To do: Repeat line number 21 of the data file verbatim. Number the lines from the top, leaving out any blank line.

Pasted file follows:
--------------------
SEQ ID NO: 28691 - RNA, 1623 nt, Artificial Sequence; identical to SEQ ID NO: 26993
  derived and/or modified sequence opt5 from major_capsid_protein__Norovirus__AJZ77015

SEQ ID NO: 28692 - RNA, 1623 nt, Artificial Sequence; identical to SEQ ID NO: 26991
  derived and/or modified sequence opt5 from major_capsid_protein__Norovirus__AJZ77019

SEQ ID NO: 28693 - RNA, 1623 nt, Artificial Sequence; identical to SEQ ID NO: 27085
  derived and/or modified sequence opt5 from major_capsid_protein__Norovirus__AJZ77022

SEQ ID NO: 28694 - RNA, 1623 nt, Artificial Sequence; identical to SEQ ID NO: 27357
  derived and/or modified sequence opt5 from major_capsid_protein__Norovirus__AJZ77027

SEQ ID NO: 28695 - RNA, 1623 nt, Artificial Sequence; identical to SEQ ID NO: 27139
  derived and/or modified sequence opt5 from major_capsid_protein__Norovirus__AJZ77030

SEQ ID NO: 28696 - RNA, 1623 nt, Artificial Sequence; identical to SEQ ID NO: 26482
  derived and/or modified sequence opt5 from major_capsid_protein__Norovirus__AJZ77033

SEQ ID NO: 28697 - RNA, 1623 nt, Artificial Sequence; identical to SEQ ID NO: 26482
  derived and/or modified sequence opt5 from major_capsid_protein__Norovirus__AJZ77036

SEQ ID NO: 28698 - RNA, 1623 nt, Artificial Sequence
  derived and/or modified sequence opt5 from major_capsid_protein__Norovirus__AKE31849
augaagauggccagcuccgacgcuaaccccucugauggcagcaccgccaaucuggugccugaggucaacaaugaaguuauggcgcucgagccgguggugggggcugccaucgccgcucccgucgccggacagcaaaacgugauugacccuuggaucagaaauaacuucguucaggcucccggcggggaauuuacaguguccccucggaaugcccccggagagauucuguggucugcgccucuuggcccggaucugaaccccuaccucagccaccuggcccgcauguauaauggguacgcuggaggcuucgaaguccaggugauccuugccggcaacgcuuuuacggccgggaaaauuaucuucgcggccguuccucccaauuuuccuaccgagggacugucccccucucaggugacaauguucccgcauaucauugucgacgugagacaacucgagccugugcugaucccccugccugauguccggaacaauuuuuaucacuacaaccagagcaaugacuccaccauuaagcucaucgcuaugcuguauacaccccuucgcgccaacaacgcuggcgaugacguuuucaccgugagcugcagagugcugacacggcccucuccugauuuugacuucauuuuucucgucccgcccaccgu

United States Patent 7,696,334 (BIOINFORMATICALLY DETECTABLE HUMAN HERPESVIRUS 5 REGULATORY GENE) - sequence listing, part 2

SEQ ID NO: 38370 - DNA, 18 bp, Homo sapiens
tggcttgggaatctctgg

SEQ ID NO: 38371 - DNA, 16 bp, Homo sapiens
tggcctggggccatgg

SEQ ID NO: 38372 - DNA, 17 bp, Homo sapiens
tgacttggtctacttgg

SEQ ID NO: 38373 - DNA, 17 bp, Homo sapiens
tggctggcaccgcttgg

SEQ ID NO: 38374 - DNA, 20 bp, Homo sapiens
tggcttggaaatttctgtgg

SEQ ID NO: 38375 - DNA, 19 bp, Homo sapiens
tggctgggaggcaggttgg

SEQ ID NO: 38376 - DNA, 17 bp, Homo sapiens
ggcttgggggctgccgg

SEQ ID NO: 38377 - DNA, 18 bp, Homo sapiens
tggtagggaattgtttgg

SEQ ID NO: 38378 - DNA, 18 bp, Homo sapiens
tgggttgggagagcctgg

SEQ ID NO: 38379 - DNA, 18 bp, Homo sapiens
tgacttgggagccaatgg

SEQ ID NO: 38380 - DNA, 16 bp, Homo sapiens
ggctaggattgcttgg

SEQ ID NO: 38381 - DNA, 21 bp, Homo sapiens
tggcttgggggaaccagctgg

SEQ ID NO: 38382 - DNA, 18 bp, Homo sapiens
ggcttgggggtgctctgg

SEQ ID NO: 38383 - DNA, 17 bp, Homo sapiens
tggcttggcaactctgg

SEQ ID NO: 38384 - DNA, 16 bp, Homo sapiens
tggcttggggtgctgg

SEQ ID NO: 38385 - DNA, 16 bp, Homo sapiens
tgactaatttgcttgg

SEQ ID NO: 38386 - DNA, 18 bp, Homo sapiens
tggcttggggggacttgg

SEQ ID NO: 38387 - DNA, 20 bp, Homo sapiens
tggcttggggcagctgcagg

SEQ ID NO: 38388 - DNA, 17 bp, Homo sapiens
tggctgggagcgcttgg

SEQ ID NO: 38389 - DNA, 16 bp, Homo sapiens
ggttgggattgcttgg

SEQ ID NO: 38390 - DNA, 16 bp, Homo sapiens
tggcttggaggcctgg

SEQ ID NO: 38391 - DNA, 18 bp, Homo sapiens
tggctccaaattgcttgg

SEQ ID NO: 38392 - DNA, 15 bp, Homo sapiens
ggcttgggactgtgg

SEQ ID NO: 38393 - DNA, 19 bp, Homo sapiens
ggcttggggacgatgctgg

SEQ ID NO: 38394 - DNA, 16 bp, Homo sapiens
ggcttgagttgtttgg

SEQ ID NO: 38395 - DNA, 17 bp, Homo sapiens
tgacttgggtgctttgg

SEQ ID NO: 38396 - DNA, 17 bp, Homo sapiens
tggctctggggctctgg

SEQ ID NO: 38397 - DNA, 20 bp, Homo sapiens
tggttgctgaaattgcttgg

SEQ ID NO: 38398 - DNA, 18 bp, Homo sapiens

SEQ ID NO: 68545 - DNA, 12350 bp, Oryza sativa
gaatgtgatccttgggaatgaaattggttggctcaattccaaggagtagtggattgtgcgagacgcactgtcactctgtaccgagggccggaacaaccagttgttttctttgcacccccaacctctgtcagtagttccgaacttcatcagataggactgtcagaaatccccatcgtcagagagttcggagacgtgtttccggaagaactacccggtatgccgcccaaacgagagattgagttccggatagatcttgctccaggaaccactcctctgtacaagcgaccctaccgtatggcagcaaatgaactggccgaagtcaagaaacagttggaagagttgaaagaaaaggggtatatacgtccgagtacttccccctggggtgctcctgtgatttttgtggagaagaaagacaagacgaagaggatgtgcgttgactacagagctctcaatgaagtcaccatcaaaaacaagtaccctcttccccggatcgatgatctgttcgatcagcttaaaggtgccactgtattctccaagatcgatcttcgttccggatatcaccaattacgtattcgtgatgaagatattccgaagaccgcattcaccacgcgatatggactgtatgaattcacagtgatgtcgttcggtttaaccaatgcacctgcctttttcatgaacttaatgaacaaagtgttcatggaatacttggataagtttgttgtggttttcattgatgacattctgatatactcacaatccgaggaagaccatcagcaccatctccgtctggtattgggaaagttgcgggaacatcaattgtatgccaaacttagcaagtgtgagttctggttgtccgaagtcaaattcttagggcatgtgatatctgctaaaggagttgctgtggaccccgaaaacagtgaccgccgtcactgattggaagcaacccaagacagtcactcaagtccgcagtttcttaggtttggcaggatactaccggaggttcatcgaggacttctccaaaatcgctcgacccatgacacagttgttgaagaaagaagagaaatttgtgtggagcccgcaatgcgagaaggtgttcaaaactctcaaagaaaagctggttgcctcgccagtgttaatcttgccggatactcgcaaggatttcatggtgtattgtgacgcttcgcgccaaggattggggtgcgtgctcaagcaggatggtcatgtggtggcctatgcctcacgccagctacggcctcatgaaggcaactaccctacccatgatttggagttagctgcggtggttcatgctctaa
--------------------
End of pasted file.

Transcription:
SEQ ID NO: 38371 - DNA, 16 bp, Homo sapiens